On Tuesday, 5 January 2016 at 18:09:57 UTC, Andrei Alexandrescu
On 01/05/2016 11:35 AM, default0 wrote:
Yes, and because its lots of effort flowing into something
that D is
usually very fond of: Simplicity.
I'll be curious how the simplicity theme keeps when needed
features get added. dlang.org started very simple and grew by
From Adam's responses it would seem he is going to ignore most of
the features the original dlang.org has in favor of focussing on
I remember looking at a part of the documentation and wanting
a change of wording in a few sentences, since I felt like they
convey information clear enough, but after seeing that I would
somehow best-guess my way through tons of macro syntax without
indication on where to look for explanations of anything I
about to spend half a day or a day to suggest changing three
and be told that they were fine as is.
Is the recent http://wiki.dlang.org/Contributing_to_dlang.org
along the lines of what you need? What other sort of
documentation would you find useful?
Yes, this is helpful in providing background on how to make
changes. That said, the amount of content on this page is telling
that it'll be an involved process to set stuff up, especially if
at some point in my setup I get errors that are neither explained
nor straightforward to track down. So while this is helpful, it
also makes it clear that there's a not-low barrier to entry if I
do want to introduce a change - which is fine, except if it's
documentation that barrier to entry should be actually
formulating coherent, understandable and thorough documentation
rather than a build system.
Sending Adam an E-Mail is
something I totally would've done though :-)
Again this goes back to Adam. Let's say we had a contributor
Eve who'd gladly take emailed questions and suggestions and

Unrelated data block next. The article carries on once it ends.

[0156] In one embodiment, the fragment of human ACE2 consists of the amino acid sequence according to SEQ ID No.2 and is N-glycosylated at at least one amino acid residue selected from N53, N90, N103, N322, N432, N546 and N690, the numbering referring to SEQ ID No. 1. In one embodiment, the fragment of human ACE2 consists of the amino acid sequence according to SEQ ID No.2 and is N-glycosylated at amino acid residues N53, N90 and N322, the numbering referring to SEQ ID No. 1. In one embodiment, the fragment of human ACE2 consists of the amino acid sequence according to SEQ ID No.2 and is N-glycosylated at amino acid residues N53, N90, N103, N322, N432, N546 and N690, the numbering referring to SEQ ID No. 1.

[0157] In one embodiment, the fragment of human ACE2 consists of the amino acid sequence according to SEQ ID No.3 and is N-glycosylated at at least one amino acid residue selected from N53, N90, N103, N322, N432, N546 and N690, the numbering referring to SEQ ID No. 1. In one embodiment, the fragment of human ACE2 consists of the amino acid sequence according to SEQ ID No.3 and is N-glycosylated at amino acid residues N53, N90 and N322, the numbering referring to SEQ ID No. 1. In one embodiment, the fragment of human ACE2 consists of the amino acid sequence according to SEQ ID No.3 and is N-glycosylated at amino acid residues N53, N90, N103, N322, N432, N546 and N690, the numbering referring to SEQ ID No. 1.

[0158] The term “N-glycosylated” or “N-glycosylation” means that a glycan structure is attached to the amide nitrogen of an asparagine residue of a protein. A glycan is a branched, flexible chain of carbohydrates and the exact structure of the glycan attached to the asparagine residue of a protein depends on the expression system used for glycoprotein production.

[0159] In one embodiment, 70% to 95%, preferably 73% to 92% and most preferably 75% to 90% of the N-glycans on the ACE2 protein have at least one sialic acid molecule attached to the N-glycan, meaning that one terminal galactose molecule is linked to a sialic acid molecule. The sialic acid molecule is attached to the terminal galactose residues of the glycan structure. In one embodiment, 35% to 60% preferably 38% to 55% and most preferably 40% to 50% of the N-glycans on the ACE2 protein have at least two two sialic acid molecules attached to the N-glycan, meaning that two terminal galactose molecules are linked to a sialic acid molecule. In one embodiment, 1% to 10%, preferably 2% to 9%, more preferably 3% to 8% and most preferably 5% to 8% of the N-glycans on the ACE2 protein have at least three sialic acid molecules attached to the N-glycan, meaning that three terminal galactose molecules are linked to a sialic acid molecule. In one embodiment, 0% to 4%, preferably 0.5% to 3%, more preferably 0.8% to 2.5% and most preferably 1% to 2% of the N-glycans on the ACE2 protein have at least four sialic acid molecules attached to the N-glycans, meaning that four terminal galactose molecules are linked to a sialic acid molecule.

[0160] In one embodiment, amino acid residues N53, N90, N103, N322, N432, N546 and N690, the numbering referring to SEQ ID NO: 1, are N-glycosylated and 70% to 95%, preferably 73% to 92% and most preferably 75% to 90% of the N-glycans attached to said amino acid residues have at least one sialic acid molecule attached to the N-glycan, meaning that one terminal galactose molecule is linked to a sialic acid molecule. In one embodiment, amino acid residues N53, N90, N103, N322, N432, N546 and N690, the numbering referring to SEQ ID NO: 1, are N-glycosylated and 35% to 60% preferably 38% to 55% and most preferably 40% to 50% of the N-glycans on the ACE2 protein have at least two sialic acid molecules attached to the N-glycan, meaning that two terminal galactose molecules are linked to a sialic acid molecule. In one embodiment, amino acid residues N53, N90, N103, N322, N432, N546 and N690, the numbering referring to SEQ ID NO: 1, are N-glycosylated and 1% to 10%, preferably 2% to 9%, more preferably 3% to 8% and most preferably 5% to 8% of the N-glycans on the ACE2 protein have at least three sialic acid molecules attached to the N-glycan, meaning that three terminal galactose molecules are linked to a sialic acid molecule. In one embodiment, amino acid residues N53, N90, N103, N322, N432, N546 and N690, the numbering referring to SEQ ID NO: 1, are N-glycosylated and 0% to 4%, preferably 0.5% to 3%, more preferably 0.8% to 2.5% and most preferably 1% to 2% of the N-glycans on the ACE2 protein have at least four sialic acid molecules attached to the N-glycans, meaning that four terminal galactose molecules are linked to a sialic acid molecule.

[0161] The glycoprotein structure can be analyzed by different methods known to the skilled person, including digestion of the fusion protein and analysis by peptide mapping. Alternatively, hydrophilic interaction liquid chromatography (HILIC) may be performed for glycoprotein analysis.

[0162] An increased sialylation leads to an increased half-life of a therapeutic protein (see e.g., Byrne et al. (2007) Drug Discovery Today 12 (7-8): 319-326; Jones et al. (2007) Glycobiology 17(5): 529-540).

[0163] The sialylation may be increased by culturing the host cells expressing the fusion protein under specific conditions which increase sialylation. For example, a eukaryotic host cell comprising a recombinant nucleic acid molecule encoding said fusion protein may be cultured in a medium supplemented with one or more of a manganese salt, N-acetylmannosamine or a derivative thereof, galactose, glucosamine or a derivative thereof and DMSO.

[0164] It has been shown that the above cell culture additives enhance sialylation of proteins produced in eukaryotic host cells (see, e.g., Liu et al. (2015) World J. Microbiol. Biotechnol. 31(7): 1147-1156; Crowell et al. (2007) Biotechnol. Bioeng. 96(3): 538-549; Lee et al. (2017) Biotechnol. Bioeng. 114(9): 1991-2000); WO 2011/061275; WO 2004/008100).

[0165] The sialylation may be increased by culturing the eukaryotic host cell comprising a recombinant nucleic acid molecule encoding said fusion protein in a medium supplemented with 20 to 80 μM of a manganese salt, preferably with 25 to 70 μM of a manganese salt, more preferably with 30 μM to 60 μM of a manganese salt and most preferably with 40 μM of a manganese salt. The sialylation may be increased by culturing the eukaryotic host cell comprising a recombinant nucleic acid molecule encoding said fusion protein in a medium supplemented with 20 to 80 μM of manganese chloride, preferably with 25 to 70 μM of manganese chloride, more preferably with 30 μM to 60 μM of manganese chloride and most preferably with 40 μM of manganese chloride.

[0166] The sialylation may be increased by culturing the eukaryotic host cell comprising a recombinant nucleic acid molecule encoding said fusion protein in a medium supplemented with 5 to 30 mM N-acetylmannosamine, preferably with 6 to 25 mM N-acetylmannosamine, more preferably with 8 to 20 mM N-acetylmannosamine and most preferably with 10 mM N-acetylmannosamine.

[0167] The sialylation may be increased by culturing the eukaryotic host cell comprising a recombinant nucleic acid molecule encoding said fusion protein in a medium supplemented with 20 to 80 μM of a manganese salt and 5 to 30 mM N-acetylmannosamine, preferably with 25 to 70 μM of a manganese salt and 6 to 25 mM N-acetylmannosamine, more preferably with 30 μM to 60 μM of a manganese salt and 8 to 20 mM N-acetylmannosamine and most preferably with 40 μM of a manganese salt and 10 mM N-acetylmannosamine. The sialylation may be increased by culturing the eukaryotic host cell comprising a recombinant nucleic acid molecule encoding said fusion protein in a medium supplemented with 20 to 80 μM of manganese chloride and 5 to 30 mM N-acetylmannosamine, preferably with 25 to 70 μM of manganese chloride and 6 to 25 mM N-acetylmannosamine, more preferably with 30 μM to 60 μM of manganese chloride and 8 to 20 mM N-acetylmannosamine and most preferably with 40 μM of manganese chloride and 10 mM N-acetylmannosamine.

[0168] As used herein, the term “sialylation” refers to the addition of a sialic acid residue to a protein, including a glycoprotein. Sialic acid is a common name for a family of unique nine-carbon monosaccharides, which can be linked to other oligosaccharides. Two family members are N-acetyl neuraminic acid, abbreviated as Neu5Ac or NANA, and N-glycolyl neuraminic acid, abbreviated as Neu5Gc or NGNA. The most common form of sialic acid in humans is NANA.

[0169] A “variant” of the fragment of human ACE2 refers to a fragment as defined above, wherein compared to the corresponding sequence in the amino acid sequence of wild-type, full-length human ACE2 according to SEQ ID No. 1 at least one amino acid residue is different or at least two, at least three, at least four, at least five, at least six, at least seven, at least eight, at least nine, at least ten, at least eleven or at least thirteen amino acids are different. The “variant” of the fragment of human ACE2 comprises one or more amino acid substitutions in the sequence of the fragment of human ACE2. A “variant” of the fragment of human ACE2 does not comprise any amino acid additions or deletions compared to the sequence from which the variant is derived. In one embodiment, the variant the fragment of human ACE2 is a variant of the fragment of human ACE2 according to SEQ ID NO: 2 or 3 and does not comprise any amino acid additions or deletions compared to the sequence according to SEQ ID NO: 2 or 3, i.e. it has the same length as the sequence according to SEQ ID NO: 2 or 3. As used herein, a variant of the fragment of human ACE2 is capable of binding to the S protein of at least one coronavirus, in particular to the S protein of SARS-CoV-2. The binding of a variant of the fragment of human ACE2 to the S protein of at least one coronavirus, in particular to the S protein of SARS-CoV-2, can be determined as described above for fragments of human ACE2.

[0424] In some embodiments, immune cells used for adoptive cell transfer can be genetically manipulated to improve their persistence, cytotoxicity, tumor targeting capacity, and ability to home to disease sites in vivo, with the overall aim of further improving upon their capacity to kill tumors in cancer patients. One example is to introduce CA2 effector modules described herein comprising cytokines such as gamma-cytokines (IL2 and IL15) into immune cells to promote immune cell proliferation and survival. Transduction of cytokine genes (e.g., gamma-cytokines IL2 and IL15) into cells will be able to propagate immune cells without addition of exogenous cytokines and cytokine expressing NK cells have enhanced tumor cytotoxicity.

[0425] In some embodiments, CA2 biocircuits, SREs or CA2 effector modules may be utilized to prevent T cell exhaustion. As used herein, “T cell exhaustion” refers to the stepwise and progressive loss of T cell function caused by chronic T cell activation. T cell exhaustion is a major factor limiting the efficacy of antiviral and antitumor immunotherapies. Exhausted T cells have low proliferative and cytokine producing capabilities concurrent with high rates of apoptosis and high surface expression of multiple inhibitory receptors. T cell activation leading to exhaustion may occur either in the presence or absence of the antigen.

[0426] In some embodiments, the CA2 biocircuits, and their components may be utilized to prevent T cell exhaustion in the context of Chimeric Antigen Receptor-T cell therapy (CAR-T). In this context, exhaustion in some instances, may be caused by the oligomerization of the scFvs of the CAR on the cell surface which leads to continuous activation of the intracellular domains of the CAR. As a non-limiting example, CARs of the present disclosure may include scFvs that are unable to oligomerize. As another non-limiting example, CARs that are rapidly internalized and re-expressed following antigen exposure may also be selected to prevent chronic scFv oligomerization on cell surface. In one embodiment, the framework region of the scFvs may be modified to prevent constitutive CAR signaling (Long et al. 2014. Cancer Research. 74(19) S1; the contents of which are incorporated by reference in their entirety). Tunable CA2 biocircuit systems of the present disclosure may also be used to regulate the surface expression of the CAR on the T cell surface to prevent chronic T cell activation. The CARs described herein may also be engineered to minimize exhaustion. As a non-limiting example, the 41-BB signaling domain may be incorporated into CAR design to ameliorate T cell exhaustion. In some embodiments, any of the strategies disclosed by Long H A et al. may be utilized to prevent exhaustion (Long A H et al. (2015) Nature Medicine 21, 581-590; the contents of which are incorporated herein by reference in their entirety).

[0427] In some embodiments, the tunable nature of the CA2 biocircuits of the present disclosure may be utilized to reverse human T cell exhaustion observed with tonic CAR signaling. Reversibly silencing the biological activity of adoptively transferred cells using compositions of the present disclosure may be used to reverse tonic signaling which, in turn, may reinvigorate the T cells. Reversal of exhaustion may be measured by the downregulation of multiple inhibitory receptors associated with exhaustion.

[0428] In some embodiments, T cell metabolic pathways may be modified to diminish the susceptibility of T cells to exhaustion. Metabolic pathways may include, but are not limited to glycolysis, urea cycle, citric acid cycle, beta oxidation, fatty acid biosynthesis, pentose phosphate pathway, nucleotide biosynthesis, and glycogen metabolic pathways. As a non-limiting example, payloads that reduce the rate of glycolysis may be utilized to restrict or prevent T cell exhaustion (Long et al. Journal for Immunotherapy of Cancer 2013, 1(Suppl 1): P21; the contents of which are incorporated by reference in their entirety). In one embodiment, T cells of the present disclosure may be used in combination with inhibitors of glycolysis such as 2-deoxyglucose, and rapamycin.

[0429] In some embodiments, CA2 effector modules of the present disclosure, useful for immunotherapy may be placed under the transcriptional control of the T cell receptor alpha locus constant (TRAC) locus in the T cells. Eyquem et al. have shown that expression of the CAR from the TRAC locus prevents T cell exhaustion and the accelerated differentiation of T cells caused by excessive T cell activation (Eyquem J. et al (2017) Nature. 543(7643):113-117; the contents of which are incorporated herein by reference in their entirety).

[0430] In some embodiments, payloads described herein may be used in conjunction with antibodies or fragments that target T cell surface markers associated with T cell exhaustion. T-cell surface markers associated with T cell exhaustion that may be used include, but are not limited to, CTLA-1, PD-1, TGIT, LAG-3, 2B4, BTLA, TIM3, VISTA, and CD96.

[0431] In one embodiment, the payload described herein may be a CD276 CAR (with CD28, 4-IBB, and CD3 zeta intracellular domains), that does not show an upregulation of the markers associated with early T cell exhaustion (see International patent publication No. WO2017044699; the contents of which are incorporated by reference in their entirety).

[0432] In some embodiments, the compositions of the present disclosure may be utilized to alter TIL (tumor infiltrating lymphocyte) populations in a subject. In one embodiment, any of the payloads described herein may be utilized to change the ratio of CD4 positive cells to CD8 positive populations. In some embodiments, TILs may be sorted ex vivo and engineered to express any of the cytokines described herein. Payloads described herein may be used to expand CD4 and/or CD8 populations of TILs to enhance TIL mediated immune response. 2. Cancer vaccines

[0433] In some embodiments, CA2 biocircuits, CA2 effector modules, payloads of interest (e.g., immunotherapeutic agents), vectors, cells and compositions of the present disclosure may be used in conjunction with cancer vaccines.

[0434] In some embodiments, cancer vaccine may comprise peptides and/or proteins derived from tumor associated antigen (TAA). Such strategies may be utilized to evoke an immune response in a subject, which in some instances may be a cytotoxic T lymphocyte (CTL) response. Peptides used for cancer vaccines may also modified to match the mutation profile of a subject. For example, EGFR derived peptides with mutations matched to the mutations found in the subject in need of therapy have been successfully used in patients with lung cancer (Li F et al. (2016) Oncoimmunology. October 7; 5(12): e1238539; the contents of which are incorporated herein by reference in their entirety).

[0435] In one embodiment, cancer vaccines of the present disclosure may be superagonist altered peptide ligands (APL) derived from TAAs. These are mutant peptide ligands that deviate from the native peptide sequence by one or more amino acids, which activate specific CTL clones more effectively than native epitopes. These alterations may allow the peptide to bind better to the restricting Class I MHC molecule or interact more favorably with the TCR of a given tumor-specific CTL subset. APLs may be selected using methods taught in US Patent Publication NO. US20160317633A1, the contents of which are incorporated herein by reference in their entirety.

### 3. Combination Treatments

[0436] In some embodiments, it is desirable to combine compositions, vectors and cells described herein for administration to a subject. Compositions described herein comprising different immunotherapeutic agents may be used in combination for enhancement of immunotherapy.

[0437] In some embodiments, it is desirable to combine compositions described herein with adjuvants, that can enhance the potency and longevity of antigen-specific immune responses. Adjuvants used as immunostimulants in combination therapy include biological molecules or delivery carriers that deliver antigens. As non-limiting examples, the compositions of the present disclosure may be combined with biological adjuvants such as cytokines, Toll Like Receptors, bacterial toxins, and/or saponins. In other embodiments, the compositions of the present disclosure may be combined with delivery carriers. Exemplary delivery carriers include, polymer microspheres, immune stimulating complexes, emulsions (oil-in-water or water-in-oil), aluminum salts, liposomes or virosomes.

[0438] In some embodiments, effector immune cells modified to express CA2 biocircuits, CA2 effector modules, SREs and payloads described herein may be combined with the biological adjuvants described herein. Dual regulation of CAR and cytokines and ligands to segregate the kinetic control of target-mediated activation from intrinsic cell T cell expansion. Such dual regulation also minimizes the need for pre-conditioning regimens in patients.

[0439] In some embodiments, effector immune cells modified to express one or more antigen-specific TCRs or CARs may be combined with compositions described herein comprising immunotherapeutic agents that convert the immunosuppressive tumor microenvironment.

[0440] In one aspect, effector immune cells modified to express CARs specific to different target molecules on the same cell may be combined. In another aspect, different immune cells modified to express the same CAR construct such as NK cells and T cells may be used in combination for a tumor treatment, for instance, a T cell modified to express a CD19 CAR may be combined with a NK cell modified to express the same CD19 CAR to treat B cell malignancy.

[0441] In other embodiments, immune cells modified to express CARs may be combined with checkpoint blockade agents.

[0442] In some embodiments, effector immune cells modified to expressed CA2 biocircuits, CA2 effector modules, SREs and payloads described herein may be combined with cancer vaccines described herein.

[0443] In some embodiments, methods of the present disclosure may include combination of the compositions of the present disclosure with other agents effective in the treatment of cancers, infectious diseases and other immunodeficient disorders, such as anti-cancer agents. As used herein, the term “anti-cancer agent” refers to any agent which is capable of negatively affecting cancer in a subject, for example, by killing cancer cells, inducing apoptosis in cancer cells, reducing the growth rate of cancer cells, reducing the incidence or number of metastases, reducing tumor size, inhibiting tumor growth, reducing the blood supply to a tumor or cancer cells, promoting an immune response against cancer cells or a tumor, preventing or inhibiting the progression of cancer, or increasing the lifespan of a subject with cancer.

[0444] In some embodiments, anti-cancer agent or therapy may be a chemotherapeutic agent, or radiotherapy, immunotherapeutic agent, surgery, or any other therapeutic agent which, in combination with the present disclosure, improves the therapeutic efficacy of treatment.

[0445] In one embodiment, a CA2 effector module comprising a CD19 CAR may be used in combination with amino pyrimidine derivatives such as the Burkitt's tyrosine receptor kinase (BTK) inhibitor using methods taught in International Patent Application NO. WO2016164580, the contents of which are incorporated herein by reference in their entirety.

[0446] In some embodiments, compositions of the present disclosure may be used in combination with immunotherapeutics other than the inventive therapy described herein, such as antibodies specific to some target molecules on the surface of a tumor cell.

integrate them. Would that be as nice?
Much nicer than reading a somewhat long page on how to set up a
new development environment and fiddling with it until it does
what I want, followed by trying to guess what macros I need to
invoke for displaying what things, followed by checking if it
renders as expected or if I accidentally used a "," incorrectly
somewhere instead of just formulating a documentation text that
is hopefully an improvement over what existed prior to it (or
filling a void that used to be there) :-)
In the end most of this comes down to a lack of motivation: I'm
fine trying to improve documentation text if I see an issue about
it, but if that entails stopping what I was originally doing for
so long that I will possibly forget what I was originally doing
(ie requires me to read documentation on how to set up a whole
new development environment), I will usually decide that nah, it
isn't THAT important.
While I could obviously reuse the setup after I did it once, I'm
not keen on doing it once, I do happen to be a really lazy person
about setting things up (not so much doing actual work on
something that is already set up, though) because I tend to get
really weird errors for really weird reasons when trying to (not
in particular with D - I just always seem to be doing everything
wrong when setting anything up).